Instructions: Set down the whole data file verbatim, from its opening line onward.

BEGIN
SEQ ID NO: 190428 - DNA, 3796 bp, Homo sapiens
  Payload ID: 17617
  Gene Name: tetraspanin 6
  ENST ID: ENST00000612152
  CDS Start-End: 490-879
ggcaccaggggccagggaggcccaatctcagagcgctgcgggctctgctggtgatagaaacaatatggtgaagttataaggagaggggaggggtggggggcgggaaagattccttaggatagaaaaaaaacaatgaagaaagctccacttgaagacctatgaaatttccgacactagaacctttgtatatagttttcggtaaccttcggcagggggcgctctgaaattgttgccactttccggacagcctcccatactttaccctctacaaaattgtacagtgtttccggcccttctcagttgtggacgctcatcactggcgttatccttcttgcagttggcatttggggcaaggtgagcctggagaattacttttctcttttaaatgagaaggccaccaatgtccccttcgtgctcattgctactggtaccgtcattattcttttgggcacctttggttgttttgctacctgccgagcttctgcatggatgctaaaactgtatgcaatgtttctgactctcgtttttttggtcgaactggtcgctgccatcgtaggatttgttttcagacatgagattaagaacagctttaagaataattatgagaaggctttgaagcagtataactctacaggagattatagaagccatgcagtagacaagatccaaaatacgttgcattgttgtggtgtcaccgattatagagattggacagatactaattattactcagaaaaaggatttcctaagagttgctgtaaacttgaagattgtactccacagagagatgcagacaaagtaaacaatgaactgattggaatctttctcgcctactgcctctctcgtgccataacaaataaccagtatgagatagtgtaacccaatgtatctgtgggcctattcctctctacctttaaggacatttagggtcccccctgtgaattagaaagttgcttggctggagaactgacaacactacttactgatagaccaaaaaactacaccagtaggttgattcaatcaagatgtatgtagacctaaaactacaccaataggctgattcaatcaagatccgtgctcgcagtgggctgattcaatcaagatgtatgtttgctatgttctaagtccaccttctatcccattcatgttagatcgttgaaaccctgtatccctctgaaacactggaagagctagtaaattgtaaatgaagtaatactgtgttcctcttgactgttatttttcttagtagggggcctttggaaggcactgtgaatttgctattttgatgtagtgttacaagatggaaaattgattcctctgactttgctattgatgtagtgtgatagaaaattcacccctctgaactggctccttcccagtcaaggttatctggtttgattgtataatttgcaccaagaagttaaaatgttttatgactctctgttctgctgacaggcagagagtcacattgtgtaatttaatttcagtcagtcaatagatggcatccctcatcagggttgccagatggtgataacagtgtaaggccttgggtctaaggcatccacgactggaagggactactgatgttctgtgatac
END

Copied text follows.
SEQ ID NO: 190428 - DNA, 3796 bp, Homo sapiens
  Payload ID: 17617
  Gene Name: tetraspanin 6
  ENST ID: ENST00000612152
  CDS Start-End: 490-879
ggcaccaggggccagggaggcccaatctcagagcgctgcgggctctgctggtgatagaaacaatatggtgaagttataaggagaggggaggggtggggggcgggaaagattccttaggatagaaaaaaaacaatgaagaaagctccacttgaagacctatgaaatttccgacactagaacctttgtatatagttttcggtaaccttcggcagggggcgctctgaaattgttgccactttccggacagcctcccatactttaccctctacaaaattgtacagtgtttccggcccttctcagttgtggacgctcatcactggcgttatccttcttgcagttggcatttggggcaaggtgagcctggagaattacttttctcttttaaatgagaaggccaccaatgtccccttcgtgctcattgctactggtaccgtcattattcttttgggcacctttggttgttttgctacctgccgagcttctgcatggatgctaaaactgtatgcaatgtttctgactctcgtttttttggtcgaactggtcgctgccatcgtaggatttgttttcagacatgagattaagaacagctttaagaataattatgagaaggctttgaagcagtataactctacaggagattatagaagccatgcagtagacaagatccaaaatacgttgcattgttgtggtgtcaccgattatagagattggacagatactaattattactcagaaaaaggatttcctaagagttgctgtaaacttgaagattgtactccacagagagatgcagacaaagtaaacaatgaactgattggaatctttctcgcctactgcctctctcgtgccataacaaataaccagtatgagatagtgtaacccaatgtatctgtgggcctattcctctctacctttaaggacatttagggtcccccctgtgaattagaaagttgcttggctggagaactgacaacactacttactgatagaccaaaaaactacaccagtaggttgattcaatcaagatgtatgtagacctaaaactacaccaataggctgattcaatcaagatccgtgctcgcagtgggctgattcaatcaagatgtatgtttgctatgttctaagtccaccttctatcccattcatgttagatcgttgaaaccctgtatccctctgaaacactggaagagctagtaaattgtaaatgaagtaatactgtgttcctcttgactgttatttttcttagtagggggcctttggaaggcactgtgaatttgctattttgatgtagtgttacaagatggaaaattgattcctctgactttgctattgatgtagtgtgatagaaaattcacccctctgaactggctccttcccagtcaaggttatctggtttgattgtataatttgcaccaagaagttaaaatgttttatgactctctgttctgctgacaggcagagagtcacattgtgtaatttaatttcagtcagtcaatagatggcatccctcatcagggttgccagatggtgataacagtgtaaggccttgggtctaaggcatccacgactggaagggactactgatgttctgtgatac